Infairgrounds, a “coconut shy” is a popular target practice game, and coconuts are commonly given as prizes.

A coconut can be hollowed out and used as a home for a rodent or small bird. Halved, drained coconuts can also be hung up as bird feeders, and after the flesh has gone, can be filled with fat in winter to attract tits.

Fresh inner coconut husk can be rubbed on the lens of snorkelling goggles to prevent fogging during use.

Dried coconut leaves can be burned to ash, which can be harvested for lime.

Coconuts can be used as ammunition for homemade catapults.

Dried half coconut shells are used as the bodies of musical instruments, including the Chinese yehuand banhu, and the Vietnamese đàn gáo.

Coconut is also commonly used as a herbal remedy in Pakistanto treat bites from rats.

The “branches” (leaf petioles) are strong and flexible enough to make a switch. The use of coconut branches in corporal punishment was revived in the Gilbertese community on Choiseul in the Solomon Islands in 2005.[11]

InWorld War II, coastwatcherscout Biuki Gasa was the first of two from the Solomon Islands to reach the shipwrecked, wounded, and exhausted crew of Motor Torpedo Boat PT-109 commanded by future U.S. president John F. Kennedy. Gasa suggested, for lack of paper, delivering by dugout canoe a message inscribed on a husked coconut shell. This coconut was later kept on the president’s desk, and is now in the John F. Kennedy Library.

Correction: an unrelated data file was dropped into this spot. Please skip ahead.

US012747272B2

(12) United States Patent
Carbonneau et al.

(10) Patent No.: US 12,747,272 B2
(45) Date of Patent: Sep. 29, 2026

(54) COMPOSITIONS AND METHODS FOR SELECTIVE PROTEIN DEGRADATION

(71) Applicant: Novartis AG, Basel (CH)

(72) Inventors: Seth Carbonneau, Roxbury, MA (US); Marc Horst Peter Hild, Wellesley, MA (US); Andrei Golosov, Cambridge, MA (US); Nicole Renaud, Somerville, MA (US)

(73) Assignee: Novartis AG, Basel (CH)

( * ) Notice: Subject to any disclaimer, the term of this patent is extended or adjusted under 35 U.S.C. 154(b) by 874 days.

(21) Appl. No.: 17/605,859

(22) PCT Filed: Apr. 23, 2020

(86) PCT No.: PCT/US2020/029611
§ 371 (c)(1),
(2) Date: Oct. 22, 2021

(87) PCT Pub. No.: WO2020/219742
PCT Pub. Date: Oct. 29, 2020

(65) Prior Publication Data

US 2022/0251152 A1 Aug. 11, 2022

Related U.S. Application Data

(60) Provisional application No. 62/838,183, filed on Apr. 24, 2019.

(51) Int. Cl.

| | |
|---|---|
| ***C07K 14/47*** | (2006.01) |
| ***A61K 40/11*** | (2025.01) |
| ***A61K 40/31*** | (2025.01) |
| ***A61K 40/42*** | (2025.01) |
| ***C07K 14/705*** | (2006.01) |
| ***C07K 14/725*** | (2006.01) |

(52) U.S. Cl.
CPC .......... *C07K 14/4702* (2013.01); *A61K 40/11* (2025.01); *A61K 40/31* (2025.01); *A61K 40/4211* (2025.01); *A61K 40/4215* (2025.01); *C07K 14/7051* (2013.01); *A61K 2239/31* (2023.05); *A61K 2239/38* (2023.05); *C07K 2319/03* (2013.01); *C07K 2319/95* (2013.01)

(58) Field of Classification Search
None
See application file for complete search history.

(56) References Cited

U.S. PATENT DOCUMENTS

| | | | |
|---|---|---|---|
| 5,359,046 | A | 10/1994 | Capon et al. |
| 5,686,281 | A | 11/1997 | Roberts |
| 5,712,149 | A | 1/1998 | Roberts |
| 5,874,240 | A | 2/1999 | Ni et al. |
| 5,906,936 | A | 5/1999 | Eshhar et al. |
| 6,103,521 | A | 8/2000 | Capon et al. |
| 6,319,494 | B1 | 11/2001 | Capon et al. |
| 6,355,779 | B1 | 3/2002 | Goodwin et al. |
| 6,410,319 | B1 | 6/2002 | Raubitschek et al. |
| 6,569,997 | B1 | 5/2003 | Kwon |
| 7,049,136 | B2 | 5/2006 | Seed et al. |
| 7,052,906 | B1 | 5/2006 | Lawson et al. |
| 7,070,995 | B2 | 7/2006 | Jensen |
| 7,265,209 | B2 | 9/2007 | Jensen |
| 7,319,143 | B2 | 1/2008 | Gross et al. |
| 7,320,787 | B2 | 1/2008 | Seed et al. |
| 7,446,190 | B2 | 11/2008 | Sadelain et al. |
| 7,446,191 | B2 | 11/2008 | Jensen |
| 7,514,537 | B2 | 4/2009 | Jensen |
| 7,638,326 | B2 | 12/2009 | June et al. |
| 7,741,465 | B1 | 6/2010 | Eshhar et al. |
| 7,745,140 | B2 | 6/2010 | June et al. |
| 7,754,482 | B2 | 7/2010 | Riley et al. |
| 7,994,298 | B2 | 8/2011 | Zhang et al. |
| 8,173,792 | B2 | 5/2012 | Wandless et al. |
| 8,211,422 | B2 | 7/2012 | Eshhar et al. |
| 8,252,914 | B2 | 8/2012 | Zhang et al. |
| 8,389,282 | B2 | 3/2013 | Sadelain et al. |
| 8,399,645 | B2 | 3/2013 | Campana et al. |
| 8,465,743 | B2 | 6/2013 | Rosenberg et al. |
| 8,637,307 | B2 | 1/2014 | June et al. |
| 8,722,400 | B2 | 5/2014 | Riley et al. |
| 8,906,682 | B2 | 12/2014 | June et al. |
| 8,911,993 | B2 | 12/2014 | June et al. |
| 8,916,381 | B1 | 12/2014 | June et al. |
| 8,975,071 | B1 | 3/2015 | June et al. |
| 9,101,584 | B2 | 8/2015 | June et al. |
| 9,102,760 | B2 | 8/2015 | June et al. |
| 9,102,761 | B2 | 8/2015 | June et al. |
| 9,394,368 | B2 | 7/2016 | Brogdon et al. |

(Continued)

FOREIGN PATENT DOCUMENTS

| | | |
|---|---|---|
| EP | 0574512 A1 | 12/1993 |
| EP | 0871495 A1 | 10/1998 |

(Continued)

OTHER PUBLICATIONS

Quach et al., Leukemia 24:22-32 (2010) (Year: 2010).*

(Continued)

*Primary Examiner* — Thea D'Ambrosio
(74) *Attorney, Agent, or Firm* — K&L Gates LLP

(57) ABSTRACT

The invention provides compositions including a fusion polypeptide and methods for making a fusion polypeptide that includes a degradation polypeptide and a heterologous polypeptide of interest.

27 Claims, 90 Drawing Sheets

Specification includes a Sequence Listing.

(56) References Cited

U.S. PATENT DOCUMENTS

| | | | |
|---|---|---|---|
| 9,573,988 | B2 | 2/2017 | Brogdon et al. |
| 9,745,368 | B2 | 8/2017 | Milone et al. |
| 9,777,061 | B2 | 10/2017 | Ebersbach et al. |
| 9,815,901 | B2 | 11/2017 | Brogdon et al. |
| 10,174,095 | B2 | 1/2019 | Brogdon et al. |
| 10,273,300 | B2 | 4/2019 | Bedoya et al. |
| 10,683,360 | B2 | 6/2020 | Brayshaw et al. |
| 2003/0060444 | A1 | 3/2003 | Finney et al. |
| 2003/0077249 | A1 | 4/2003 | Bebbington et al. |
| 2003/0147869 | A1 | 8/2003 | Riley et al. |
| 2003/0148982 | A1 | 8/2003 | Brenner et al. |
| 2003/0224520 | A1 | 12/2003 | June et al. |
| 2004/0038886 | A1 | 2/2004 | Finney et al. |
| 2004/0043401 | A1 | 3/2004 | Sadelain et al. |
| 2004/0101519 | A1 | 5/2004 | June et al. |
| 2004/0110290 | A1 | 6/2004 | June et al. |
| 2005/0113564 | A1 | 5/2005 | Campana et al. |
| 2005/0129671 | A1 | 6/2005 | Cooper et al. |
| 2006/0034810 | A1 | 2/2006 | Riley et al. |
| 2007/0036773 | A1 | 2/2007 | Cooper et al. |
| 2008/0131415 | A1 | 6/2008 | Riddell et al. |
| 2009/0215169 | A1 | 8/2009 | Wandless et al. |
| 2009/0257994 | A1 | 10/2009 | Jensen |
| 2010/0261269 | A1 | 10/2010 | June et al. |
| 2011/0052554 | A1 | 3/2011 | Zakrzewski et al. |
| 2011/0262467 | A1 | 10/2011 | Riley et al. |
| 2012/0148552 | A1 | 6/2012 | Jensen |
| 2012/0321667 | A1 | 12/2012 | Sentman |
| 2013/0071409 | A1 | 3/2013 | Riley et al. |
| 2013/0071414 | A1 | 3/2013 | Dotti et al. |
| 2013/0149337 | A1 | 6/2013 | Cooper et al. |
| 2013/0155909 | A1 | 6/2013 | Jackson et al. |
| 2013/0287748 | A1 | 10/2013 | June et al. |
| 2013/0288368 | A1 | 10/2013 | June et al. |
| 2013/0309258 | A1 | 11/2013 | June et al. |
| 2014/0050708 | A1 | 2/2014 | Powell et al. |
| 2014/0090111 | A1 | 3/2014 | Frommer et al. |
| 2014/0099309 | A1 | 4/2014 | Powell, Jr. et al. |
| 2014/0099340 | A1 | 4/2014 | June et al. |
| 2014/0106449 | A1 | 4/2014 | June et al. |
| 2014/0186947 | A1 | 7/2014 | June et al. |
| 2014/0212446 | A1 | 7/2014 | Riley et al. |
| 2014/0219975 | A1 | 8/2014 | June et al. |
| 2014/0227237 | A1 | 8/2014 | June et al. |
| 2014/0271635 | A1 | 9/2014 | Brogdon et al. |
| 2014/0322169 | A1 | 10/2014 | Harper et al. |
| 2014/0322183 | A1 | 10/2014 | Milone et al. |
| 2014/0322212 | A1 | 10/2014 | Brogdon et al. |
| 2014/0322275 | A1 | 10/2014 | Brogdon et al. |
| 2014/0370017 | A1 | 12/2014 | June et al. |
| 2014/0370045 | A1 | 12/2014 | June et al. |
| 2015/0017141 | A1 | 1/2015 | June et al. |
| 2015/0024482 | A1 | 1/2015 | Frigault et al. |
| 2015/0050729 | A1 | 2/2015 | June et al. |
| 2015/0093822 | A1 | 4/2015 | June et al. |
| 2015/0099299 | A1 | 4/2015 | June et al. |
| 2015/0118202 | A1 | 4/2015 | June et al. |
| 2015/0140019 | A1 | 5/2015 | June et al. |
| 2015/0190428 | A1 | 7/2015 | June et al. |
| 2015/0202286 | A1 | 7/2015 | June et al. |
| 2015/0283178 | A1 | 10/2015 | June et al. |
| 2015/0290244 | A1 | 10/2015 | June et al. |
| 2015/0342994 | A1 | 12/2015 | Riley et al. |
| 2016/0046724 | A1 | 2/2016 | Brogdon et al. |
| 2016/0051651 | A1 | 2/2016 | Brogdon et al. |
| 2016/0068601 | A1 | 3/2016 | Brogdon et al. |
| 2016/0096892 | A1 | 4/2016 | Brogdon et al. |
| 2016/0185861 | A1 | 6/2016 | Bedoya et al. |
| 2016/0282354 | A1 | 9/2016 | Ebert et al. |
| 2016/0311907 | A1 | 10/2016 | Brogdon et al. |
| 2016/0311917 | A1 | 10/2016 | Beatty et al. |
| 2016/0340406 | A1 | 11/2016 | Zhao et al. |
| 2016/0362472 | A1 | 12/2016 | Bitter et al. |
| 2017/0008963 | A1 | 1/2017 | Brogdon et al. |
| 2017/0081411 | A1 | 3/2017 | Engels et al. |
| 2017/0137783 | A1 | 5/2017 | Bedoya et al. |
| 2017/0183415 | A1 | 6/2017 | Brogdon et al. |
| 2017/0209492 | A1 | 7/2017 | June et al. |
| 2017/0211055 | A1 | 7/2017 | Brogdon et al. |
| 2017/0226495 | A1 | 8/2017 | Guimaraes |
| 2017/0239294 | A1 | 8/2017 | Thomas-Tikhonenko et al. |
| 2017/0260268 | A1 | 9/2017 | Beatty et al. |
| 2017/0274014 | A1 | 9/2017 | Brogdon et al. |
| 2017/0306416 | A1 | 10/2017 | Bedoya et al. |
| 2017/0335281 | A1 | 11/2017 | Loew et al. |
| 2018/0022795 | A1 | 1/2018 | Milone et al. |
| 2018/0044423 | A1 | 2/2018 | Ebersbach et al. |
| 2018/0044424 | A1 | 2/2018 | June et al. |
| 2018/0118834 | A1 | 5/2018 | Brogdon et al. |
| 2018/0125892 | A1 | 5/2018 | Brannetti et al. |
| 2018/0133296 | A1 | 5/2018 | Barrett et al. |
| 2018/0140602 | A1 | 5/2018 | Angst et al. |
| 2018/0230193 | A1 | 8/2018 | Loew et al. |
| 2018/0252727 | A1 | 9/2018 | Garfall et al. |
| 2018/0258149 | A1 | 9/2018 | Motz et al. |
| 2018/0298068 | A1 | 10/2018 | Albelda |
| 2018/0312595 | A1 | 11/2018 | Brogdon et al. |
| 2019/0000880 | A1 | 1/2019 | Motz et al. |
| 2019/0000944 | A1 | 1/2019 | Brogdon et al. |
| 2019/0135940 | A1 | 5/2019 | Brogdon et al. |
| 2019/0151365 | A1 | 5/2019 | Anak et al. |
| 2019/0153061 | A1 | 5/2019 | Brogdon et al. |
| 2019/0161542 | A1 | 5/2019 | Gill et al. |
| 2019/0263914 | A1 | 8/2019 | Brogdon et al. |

Coconut trunks are used for building small bridges, preferred for their straightness, strength and salt resistance

Gelugu (coconut wood) in Klaten,Java

        Coconut charcoal

        Coconut cream

        Coconut milk

        Coconut oil

        Coconut water

        Maypan coconut palm

        Coconut candy


1.        ^abcSpecies Profiles for Pacific Island Agroforestry: Cocos nucifera (pdf file)

2.        ^, Beetles infest coconuts in Manila, 26 provinces

3.        ^Nutrition Facts and Information for Vegetable oil, coconut

4.        ^Figueiredo, Cândido. Pequeno Dicionário da Lingua Portuguesa. Livraria Bertrand. Lisboa 1940. (in Portuguese)

5.        ^Are 150 people killed each year by falling coconuts?The Straight Dope, 19 July 2002. Retrieved19 October 2006.

6.        ^Training without Reward: Traditional Training of Pig-Tailed Macaques as Coconut Harvesters, Mireille Bertrand, Science 27 January 1967: Vol. 155. no. 3761, pp. 484 – 486

7.        ^Fife, Bruce (2005). Coconut Cures. Piccadilly Books, Ltd., 17. ISBN 0941599604. Retrieved on 200804-04.

8.        ^Data sheet about delta-decalactone and its properties:

9.        ^Campbell-Falck D, Thomas T, Falck TM, Tutuo N, Clem K (2000). “The intravenous use of coconut water”. Am J Emerg Med 18(1): 108–11. PMID 10674546.

10.        ^Direct Micro Expelling of Extra Virgin Coconut Oil, Kokonut Pacific Pty Ltd, accessed 4 January 2008

11.        ^Corporal punishment on the Solomon Islands

Cocos nucifera

        Coconut Varieties Endemic to Sri Lanka

        Coconut Research Center

        Coconut Time Line

        Plant Cultures: botany, history and uses of the coconut

        Purdue University crop pages: Cocos nucifera


        P. Batugal, V. R. Rao and J. Oliver (2005). Coconut Genetic Resources. COGENT (International Coconut Genetic Resources Network) – IPGRI (International Plant Genetic Resources Institute).

        Descriptors for Coconut (Cocos nucifera L.)

        Nutritional values for Coconut products